The government's decision to go ahead with the introduction of tax relief on acquisitions of intellectual property (IP) could stimulate more deals, but is also likely to bring changes to how IP is traded.
After two years of consultation, chancellor Gordon Brown confirmed that relief on the acquisition of intangible assets, including IP, will be available on deals that take place after 1 April 2002.
Taxation consultants agreed that the changes could stimulate more IP-led deals involving UK companies and will bring the UK system in line with that of the US, Japan and much of Europe, where relief on intangibles is already available.
Andrew Bell, a tax partner with PricewaterhouseCoopers, said: "This could ease the acquisition process where you are looking at deals where the critical part is the goodwill attached to employees and know-how."
Rosalind Upton, a corporate tax partner at Ernst & Young, said: "It's clearly a good thing. It now makes the UK system much more like that that applies in the rest of the world."
However, the system will require companies to rethink how they acquire IP, as the relief will only apply to asset purchases, not to stock, such as a strategic stake or a takeover.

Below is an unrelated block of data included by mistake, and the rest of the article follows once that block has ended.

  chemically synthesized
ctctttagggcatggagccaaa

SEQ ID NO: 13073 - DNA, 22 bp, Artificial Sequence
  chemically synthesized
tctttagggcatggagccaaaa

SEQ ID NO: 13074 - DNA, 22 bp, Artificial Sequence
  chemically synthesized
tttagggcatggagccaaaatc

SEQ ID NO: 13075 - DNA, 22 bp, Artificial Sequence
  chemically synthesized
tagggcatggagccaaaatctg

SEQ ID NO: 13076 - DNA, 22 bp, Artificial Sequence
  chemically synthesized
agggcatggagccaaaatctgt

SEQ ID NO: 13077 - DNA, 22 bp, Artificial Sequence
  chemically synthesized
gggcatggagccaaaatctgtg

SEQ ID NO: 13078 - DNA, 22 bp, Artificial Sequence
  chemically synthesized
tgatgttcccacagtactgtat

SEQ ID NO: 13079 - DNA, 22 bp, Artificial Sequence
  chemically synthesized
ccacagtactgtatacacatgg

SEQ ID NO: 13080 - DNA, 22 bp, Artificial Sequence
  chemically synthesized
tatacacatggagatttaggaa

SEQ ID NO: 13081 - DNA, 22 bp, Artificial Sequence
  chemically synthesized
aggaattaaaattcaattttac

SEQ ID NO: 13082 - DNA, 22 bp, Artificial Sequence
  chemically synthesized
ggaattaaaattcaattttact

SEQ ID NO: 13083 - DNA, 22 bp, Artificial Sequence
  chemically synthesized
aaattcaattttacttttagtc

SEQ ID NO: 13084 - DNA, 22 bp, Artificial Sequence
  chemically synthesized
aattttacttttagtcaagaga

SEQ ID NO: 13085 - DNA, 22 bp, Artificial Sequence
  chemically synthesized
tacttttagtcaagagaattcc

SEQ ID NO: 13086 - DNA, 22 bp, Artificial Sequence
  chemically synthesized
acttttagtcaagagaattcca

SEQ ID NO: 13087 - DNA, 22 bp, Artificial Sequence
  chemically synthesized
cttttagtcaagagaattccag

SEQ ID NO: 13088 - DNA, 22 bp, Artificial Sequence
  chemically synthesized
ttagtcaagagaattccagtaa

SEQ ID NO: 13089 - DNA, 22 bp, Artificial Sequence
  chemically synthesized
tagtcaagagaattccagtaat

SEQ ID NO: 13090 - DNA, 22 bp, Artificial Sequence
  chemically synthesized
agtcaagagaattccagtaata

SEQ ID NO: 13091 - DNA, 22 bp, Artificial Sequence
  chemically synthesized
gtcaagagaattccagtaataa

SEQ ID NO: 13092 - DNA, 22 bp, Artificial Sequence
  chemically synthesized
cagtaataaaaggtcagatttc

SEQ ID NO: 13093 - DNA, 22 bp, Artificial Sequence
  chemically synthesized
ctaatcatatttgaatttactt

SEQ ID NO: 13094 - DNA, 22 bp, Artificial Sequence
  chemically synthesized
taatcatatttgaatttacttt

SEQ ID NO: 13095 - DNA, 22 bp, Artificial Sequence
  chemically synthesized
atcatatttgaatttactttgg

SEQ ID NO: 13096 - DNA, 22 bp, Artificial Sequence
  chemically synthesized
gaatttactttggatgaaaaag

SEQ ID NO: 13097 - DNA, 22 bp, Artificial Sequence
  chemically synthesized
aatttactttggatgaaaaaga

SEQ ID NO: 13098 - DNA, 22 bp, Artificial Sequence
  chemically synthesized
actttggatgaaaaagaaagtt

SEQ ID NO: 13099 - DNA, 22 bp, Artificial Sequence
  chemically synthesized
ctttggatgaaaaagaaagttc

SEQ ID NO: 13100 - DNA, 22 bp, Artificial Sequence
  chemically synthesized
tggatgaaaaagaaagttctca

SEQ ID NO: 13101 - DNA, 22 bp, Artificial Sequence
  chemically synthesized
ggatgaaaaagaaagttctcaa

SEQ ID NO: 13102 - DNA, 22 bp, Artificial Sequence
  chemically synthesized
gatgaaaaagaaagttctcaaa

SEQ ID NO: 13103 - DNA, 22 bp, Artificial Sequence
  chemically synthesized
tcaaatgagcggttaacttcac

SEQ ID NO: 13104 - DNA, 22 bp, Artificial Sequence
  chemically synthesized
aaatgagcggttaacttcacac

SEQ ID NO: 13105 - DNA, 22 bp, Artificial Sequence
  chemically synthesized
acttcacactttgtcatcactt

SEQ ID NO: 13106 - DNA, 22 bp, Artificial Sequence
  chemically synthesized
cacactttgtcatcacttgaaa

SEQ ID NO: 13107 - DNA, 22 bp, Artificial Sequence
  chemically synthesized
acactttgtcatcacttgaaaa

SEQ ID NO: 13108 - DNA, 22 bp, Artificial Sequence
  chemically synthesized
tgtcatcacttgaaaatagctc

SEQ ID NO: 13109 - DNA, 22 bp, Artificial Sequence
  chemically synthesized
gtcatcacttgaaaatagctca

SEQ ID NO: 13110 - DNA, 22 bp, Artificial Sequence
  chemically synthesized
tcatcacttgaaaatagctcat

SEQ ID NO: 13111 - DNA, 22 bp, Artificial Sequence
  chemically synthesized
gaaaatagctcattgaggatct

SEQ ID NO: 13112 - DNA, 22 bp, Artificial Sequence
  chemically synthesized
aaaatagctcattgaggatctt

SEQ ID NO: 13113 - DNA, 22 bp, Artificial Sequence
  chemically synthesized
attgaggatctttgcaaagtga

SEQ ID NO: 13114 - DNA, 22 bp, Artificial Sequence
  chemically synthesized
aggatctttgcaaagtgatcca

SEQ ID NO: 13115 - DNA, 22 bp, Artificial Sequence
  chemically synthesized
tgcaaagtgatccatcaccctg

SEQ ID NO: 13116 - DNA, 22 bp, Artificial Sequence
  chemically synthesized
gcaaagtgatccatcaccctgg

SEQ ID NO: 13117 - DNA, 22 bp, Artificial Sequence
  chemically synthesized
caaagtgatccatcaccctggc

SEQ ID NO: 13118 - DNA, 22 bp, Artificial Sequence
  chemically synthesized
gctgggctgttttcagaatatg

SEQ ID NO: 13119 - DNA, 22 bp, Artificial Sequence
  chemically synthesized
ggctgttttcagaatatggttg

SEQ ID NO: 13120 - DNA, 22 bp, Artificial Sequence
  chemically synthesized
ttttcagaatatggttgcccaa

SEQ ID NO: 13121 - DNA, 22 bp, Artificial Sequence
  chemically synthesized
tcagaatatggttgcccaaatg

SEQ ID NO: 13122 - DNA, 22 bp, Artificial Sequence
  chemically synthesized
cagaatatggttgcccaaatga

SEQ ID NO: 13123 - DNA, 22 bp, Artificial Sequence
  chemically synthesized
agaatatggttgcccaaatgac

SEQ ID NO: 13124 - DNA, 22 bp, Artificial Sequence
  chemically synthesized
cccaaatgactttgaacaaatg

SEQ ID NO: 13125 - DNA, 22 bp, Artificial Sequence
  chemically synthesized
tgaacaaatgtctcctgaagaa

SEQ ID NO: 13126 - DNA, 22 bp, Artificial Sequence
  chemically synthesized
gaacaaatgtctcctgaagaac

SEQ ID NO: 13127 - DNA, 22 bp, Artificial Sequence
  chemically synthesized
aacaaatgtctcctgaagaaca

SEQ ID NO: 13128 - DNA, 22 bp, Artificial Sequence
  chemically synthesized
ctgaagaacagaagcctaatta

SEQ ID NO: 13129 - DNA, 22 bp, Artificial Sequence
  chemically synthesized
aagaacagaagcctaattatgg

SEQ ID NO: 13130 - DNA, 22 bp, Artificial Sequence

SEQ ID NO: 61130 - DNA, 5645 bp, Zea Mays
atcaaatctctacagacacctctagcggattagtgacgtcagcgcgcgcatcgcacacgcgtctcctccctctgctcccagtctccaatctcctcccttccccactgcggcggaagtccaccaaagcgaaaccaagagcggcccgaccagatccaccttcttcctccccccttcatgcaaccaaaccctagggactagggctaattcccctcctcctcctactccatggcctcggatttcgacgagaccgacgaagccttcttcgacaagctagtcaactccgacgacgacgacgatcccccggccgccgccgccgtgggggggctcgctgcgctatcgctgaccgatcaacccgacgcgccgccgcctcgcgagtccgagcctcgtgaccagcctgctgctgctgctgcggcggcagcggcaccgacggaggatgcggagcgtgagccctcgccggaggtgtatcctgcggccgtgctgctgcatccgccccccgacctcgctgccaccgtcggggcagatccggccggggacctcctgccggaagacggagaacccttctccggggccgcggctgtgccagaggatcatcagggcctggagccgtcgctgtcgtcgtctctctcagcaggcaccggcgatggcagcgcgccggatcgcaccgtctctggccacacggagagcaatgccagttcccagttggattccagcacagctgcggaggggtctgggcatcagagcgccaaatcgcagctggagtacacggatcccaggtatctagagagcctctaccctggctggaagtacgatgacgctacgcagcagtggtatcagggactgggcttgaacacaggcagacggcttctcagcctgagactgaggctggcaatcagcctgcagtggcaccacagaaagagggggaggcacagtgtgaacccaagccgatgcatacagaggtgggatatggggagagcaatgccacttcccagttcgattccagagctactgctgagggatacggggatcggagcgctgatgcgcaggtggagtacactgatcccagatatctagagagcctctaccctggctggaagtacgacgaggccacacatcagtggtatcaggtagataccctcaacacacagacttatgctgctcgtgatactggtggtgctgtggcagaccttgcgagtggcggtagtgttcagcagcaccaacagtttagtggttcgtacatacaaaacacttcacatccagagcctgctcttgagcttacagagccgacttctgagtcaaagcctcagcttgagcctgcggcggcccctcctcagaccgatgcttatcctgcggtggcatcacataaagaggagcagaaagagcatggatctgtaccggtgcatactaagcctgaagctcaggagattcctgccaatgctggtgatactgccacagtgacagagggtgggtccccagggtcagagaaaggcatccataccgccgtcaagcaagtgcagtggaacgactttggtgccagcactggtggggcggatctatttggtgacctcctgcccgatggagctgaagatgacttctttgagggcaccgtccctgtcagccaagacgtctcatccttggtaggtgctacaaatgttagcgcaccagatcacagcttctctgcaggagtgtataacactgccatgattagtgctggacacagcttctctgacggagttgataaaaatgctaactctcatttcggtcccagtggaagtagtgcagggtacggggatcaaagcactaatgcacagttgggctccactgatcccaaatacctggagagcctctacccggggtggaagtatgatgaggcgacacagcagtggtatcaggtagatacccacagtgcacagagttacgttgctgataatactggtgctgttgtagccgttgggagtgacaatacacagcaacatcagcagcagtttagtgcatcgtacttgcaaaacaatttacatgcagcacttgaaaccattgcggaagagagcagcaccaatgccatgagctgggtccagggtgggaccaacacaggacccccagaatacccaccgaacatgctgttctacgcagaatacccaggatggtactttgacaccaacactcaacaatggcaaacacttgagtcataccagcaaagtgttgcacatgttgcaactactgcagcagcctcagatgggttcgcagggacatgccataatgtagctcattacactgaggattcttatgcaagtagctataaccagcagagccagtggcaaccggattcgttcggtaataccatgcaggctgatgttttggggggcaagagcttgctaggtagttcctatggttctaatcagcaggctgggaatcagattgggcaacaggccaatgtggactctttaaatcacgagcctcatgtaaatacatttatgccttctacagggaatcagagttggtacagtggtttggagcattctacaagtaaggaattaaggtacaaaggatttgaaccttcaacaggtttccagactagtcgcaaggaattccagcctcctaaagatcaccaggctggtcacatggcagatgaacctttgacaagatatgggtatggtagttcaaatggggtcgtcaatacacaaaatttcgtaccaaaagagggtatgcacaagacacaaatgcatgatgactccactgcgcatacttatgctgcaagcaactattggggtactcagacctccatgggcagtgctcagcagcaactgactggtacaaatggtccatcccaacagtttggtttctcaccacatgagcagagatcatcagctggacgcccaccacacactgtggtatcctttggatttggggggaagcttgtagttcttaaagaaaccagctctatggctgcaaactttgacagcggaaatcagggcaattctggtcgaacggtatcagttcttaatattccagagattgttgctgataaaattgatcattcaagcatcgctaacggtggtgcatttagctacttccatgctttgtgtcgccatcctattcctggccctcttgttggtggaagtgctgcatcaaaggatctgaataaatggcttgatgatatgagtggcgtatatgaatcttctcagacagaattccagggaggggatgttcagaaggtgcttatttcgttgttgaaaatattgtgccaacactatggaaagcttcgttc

"You are looking at situations where, say, a company sees a part of a company like Marconi that it wants to buy and acquires that asset," explained Bell. "But, for takeovers, to get the full relief you would have to buy all of a company's assets and just leave the corporate shell behind."
Upton agreed that the asset-based nature of the relief will also influence the kind of deals that now emerge in the IP market. "It will change people's thinking on whether they buy assets or shares," she said.
The Inland Revenue has published draft legislation for the introduction of the relief — available at www.inlandrevenue.gov.uk — and is seeking further comment from industry up until the end of January.